They managed this extraordinary feat by mimicking the structure of nacre. Glass is, as you know, a quite brittle material. But by engraving a three-dimensional wave-shaped pattern of channels and then fill them with polyurethane polymer – the researchers at McGill University developed a glass that is 200 times stronger than normal.
The inspiration came from nacre and tooth enamel which is extraordinarily strong. And after all, nature does is best, so why not mimic nature. With countless years of evolution slowly making nacre more robust and resilient, with an exceptional ability to prevent potential cracks from spreading.
The lead researcher Francois Barthelat writes; What we know now is that we can toughen glass, or other materials, by using patterns of micro-cracks to guide larger cracks, and in the process absorb the energy from an impact,”.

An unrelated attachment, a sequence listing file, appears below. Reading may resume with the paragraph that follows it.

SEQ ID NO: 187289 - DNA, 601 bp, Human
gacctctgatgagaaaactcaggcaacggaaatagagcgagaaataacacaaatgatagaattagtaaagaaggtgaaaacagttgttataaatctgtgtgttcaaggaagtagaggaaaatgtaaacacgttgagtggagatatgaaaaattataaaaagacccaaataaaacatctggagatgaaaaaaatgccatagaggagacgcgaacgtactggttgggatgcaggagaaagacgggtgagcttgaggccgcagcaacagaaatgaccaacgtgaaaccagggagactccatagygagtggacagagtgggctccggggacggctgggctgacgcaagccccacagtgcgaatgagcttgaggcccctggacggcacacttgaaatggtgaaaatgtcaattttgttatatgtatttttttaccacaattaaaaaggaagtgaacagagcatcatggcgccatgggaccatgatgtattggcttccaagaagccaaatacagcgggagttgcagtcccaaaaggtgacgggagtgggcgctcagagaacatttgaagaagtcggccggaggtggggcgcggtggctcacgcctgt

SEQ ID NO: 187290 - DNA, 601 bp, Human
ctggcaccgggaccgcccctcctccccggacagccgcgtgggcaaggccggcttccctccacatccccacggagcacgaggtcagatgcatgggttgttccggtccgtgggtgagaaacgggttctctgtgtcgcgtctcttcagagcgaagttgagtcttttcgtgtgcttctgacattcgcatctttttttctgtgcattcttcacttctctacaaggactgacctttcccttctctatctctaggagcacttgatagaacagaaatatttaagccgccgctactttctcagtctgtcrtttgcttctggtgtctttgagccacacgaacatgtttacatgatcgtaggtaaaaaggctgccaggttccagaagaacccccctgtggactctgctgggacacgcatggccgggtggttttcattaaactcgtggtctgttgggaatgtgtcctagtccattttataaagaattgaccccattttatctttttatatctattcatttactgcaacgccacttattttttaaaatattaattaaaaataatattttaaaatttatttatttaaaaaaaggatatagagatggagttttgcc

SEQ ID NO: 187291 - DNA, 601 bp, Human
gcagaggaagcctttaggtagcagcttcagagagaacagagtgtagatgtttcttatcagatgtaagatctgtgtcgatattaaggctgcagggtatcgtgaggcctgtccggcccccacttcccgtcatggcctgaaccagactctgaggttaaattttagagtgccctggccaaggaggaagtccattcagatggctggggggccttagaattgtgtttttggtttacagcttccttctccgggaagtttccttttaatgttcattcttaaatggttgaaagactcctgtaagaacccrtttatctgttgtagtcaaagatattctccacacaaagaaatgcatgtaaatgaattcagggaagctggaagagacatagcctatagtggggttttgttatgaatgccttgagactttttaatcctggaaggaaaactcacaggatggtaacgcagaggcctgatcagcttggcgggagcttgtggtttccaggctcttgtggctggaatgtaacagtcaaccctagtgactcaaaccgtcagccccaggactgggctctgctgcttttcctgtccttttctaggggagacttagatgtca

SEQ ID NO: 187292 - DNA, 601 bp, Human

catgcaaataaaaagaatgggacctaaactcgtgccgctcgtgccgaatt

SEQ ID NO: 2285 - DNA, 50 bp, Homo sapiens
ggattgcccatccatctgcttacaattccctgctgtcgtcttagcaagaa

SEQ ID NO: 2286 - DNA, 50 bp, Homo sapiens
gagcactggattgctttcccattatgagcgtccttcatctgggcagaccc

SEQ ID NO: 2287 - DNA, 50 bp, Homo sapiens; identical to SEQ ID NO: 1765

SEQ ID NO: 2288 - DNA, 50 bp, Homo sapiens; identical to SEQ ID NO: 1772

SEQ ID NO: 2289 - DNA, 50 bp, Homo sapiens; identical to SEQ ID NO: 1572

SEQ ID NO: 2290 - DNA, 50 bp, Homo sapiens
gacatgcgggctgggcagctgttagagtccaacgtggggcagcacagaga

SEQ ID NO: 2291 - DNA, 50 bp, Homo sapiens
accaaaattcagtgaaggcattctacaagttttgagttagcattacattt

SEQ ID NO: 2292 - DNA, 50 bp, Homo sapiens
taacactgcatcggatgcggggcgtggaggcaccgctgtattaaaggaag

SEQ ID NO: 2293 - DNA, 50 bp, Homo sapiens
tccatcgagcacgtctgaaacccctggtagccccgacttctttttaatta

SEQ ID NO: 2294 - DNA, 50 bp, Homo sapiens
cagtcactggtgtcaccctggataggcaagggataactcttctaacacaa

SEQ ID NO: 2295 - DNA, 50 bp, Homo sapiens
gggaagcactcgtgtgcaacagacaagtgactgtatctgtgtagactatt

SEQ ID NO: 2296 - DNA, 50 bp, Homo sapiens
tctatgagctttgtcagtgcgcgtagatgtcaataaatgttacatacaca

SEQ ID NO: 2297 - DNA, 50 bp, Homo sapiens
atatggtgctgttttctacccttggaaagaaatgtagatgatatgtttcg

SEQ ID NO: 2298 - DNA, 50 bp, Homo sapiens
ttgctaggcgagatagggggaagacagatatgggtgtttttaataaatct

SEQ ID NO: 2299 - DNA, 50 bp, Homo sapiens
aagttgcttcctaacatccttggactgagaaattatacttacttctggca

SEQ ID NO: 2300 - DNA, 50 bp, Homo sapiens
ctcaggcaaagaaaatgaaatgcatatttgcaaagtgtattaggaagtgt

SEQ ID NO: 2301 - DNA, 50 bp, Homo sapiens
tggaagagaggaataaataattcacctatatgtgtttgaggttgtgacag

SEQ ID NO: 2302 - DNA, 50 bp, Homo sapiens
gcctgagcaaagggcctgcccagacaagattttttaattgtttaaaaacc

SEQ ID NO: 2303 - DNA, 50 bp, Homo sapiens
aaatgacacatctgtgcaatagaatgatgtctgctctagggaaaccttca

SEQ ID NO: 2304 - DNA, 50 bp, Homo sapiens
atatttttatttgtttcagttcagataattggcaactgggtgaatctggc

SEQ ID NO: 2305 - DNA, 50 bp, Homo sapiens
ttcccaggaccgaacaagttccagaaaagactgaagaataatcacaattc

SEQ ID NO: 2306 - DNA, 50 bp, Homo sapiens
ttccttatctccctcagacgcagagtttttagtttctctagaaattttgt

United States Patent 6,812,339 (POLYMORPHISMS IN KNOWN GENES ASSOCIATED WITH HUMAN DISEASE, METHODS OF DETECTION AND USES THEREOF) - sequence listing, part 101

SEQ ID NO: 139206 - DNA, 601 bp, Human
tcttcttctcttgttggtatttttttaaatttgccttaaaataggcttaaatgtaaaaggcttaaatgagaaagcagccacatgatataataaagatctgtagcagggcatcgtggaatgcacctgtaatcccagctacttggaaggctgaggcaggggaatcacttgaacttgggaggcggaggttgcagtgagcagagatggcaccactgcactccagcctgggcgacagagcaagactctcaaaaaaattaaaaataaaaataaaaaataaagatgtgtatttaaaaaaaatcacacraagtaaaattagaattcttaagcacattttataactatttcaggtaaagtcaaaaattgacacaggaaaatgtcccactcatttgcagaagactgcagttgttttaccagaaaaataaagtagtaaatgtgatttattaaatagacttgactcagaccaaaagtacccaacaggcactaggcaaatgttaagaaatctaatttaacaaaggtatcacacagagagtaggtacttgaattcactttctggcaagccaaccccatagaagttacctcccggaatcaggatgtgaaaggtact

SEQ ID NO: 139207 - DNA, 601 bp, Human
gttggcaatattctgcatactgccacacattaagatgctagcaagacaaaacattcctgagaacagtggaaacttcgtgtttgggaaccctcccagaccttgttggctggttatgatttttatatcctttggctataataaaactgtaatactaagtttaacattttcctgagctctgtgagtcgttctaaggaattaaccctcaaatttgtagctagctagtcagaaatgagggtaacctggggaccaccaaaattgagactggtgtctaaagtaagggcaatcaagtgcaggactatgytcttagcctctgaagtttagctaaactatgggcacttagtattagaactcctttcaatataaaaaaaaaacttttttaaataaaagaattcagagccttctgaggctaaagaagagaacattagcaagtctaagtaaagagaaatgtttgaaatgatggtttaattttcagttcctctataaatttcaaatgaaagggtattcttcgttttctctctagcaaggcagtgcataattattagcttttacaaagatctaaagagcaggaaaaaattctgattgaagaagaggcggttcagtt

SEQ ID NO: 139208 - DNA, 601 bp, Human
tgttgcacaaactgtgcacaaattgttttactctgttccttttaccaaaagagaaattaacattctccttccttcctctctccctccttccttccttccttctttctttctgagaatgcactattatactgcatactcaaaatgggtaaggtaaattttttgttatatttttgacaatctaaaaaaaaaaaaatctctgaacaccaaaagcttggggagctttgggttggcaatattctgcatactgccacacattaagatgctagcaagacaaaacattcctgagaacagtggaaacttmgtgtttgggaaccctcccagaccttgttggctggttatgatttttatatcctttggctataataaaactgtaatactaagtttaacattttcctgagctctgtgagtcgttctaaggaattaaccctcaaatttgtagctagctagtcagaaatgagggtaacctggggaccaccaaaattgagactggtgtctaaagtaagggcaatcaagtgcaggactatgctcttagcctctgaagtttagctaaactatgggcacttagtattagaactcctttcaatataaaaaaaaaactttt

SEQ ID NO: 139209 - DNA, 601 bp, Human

What does this imply in practice, well, normally when you drop a drinking glass on the floor, it shatters – but a glass made with this new technique would instead bend and deform. It could possibly revolutionize some industries and the applications and use of ordinary glass today. Not only making it more robust but also potentially safer.
And the technique developed by the Canadian scientist is not limited to only glass, as Barthelat explains; “We chose to work with glass because we wanted to work with the archetypal brittle material. But we plan to go on to work with ceramics and polymers in future. Observing the natural world can clearly lead to improved man-made designs.”
The study has been published in the latest issue of the scientific journal Nature Communications.
Overcoming the brittleness of glass through bio-inspiration and micro-architecture